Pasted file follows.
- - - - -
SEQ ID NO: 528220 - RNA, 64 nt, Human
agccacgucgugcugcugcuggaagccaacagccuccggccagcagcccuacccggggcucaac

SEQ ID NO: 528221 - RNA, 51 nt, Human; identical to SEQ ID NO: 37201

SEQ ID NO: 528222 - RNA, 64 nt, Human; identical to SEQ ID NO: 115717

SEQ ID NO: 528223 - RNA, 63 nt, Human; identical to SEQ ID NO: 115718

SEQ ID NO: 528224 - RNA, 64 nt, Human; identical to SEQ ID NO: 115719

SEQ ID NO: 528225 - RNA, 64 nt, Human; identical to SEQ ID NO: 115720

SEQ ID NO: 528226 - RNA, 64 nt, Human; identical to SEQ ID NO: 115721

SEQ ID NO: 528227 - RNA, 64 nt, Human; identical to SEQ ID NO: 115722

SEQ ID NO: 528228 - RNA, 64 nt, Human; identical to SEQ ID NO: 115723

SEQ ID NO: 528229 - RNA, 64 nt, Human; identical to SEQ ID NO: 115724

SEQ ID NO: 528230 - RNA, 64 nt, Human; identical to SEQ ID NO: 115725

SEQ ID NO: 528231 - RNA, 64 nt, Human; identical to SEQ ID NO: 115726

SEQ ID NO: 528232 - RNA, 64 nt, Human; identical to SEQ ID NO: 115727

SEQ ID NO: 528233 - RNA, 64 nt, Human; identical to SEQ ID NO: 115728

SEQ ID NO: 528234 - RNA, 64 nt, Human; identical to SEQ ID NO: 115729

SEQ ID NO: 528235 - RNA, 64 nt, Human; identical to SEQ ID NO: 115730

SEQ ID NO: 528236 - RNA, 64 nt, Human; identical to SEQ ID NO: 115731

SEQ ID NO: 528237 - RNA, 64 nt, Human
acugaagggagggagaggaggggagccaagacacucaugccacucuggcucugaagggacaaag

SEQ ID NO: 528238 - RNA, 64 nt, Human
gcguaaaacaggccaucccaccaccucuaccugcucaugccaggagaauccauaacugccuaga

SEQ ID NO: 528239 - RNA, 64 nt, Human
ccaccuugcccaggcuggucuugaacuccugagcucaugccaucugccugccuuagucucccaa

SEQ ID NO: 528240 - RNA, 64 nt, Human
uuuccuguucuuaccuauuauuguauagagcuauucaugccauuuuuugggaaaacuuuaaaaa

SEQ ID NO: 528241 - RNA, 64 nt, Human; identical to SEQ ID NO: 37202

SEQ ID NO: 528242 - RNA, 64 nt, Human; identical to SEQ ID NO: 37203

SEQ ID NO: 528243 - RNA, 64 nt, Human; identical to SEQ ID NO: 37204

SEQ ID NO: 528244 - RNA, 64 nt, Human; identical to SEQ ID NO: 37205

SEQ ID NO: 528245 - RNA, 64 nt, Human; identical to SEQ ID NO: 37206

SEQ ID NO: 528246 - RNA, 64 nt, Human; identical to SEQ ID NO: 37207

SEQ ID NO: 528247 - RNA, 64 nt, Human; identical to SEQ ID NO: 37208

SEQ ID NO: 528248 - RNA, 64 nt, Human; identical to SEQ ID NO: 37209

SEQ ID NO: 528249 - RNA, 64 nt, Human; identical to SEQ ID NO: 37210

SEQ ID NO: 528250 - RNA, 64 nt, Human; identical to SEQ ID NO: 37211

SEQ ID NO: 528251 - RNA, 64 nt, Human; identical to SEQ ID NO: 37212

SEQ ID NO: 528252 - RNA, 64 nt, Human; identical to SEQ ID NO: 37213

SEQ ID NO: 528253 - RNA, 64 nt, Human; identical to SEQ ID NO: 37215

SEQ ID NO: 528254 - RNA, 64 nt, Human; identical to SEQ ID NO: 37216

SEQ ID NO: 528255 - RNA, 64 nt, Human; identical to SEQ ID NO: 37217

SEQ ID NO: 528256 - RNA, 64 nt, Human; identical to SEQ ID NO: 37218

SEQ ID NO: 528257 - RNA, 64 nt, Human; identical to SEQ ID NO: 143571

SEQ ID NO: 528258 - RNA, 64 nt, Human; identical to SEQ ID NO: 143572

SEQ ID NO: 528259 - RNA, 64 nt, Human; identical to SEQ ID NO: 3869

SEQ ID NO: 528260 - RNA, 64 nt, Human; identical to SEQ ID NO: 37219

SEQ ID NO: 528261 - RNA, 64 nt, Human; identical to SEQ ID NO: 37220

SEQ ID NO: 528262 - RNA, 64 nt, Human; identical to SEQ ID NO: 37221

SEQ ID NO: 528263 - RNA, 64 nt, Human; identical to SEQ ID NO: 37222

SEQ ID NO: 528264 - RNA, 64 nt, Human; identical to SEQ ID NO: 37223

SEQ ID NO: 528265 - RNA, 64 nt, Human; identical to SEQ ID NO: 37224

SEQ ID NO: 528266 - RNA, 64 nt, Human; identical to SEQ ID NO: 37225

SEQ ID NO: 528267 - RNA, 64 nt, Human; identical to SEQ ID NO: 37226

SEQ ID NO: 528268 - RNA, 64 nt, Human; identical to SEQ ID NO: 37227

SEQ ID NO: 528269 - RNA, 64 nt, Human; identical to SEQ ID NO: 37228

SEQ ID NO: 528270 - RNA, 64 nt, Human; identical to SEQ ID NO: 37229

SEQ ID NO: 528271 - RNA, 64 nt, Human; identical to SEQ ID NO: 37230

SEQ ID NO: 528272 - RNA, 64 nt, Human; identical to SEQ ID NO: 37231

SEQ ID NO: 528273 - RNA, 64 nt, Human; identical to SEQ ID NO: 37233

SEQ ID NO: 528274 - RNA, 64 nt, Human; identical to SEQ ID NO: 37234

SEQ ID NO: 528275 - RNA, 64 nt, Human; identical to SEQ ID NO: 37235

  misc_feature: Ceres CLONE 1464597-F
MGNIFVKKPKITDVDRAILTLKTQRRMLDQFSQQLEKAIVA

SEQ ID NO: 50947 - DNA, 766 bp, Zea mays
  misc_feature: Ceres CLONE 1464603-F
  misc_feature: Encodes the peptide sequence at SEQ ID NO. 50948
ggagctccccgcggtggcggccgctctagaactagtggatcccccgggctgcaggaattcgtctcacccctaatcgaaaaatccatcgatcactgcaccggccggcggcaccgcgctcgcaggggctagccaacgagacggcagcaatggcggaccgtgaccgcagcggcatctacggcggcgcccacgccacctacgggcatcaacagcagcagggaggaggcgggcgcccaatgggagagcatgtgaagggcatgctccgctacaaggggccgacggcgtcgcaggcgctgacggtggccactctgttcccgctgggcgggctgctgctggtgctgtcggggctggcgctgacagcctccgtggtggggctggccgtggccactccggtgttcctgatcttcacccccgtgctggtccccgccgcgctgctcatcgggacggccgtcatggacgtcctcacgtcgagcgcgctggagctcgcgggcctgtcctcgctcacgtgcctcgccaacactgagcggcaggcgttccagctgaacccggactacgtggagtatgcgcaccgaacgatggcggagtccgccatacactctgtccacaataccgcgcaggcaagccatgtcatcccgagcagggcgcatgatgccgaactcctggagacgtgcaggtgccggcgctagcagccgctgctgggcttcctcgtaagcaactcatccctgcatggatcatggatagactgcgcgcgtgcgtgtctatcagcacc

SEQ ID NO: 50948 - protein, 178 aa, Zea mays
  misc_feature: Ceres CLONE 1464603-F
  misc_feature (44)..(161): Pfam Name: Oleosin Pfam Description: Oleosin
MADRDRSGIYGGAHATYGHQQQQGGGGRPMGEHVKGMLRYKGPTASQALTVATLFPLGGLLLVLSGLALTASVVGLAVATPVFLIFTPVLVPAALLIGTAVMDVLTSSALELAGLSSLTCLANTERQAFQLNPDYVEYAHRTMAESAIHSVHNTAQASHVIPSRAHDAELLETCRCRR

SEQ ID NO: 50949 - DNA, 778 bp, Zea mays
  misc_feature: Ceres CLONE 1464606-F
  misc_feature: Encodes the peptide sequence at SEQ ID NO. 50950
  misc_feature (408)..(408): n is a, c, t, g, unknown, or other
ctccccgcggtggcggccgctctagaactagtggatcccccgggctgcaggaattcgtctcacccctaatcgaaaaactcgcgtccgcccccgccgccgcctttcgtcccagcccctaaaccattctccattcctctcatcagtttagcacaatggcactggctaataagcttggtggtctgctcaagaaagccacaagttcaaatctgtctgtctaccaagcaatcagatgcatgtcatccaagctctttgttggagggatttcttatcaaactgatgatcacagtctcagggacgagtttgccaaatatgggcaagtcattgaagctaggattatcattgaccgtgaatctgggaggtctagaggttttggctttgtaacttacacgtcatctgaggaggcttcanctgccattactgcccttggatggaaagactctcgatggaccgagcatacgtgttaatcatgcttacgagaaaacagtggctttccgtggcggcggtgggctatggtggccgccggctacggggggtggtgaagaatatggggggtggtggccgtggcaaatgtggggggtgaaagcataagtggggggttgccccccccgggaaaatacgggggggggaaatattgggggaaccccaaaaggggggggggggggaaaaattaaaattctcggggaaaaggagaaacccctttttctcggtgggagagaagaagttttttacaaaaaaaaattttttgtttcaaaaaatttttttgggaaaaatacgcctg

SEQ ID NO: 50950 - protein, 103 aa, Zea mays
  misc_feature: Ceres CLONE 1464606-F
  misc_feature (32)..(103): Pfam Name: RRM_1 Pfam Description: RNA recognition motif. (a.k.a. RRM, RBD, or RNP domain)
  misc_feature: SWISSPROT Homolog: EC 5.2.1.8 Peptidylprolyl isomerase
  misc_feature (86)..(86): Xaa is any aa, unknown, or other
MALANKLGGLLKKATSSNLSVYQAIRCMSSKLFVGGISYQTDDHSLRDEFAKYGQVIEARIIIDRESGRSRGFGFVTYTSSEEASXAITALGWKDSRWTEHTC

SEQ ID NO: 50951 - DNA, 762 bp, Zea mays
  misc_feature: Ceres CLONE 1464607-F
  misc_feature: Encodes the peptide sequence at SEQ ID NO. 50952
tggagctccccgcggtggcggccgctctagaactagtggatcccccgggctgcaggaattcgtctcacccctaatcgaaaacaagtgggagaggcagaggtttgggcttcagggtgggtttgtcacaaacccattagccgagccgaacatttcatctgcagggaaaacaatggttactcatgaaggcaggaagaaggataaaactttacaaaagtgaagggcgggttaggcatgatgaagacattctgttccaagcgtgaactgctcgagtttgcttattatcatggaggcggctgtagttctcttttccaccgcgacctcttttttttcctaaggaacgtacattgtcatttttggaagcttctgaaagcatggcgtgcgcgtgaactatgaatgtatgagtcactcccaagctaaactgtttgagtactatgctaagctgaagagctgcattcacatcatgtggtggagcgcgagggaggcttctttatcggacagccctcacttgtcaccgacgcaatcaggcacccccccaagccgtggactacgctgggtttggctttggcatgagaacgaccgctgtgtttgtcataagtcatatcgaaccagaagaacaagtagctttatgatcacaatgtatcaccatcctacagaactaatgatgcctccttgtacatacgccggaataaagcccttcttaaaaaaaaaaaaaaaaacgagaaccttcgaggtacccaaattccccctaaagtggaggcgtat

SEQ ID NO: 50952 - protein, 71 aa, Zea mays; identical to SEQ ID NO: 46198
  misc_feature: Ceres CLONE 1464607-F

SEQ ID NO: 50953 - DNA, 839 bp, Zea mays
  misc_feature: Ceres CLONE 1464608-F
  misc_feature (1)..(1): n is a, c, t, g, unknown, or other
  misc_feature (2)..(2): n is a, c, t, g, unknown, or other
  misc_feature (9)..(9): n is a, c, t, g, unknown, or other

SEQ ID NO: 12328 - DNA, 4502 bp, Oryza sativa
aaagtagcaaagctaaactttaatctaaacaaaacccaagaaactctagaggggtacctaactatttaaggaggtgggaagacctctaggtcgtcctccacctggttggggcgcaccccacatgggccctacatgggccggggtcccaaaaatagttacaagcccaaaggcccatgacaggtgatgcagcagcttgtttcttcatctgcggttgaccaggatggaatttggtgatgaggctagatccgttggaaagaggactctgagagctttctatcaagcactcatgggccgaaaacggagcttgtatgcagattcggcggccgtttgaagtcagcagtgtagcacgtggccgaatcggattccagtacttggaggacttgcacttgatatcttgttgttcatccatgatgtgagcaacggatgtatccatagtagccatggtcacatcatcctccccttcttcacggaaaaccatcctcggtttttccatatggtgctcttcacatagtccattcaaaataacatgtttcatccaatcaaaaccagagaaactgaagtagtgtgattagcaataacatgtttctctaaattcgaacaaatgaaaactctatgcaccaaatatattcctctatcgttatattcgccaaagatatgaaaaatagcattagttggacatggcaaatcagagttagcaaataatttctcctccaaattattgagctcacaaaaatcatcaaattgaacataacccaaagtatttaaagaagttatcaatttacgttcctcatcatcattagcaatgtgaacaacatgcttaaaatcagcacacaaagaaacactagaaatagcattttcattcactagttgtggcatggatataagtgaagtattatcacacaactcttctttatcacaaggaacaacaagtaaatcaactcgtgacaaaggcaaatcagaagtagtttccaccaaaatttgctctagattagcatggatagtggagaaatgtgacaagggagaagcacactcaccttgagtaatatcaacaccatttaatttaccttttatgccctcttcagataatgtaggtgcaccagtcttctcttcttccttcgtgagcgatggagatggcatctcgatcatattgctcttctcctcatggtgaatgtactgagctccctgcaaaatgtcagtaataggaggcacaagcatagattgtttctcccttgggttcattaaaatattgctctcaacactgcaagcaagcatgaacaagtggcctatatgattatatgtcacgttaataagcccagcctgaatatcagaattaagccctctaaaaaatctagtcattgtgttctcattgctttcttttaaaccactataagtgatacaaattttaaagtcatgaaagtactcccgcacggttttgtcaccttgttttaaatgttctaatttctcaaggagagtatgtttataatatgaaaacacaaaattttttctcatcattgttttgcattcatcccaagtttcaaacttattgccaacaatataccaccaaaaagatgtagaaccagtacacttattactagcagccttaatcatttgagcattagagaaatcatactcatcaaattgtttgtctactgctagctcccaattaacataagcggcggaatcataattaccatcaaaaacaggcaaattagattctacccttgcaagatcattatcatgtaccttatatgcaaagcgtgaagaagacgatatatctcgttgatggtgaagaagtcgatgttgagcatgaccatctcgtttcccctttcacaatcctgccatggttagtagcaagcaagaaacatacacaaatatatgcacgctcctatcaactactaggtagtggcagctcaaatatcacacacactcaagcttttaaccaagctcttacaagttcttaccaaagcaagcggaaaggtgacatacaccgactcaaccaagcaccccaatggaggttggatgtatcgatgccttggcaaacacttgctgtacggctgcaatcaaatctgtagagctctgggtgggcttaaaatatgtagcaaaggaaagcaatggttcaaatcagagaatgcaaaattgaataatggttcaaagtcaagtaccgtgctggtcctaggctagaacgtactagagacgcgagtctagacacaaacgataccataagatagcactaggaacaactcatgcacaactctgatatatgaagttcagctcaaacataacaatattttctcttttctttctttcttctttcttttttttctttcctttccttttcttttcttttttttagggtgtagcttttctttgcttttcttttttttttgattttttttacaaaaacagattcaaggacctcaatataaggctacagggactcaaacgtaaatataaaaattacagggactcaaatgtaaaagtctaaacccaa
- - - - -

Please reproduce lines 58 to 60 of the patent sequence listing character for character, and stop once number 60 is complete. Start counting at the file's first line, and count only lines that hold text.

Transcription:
SEQ ID NO: 528272 - RNA, 64 nt, Human; identical to SEQ ID NO: 37231

SEQ ID NO: 528273 - RNA, 64 nt, Human; identical to SEQ ID NO: 37233

SEQ ID NO: 528274 - RNA, 64 nt, Human; identical to SEQ ID NO: 37234